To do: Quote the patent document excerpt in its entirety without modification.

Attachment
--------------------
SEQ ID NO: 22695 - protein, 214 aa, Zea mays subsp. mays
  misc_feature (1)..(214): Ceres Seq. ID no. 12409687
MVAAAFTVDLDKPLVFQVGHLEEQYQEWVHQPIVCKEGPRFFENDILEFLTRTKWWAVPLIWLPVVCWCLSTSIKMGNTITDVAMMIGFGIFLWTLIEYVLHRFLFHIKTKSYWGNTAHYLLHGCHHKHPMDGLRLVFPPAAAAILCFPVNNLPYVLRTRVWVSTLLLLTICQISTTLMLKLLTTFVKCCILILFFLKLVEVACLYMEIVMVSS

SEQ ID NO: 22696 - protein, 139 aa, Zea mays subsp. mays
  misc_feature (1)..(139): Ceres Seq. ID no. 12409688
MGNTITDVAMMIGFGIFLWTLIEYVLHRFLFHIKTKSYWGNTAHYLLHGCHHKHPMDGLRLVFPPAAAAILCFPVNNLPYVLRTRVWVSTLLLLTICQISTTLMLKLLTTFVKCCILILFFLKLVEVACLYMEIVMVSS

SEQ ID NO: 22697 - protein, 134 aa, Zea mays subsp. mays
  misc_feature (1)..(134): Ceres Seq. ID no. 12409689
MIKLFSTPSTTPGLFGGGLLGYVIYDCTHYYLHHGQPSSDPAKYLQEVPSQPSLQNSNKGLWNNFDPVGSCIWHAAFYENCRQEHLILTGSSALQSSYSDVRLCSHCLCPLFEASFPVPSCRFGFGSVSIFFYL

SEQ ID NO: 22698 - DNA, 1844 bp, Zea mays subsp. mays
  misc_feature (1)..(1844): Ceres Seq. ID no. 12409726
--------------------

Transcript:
SEQ ID NO: 22695 - protein, 214 aa, Zea mays subsp. mays
  misc_feature (1)..(214): Ceres Seq. ID no. 12409687
MVAAAFTVDLDKPLVFQVGHLEEQYQEWVHQPIVCKEGPRFFENDILEFLTRTKWWAVPLIWLPVVCWCLSTSIKMGNTITDVAMMIGFGIFLWTLIEYVLHRFLFHIKTKSYWGNTAHYLLHGCHHKHPMDGLRLVFPPAAAAILCFPVNNLPYVLRTRVWVSTLLLLTICQISTTLMLKLLTTFVKCCILILFFLKLVEVACLYMEIVMVSS

SEQ ID NO: 22696 - protein, 139 aa, Zea mays subsp. mays
  misc_feature (1)..(139): Ceres Seq. ID no. 12409688
MGNTITDVAMMIGFGIFLWTLIEYVLHRFLFHIKTKSYWGNTAHYLLHGCHHKHPMDGLRLVFPPAAAAILCFPVNNLPYVLRTRVWVSTLLLLTICQISTTLMLKLLTTFVKCCILILFFLKLVEVACLYMEIVMVSS

SEQ ID NO: 22697 - protein, 134 aa, Zea mays subsp. mays
  misc_feature (1)..(134): Ceres Seq. ID no. 12409689
MIKLFSTPSTTPGLFGGGLLGYVIYDCTHYYLHHGQPSSDPAKYLQEVPSQPSLQNSNKGLWNNFDPVGSCIWHAAFYENCRQEHLILTGSSALQSSYSDVRLCSHCLCPLFEASFPVPSCRFGFGSVSIFFYL

SEQ ID NO: 22698 - DNA, 1844 bp, Zea mays subsp. mays
  misc_feature (1)..(1844): Ceres Seq. ID no. 12409726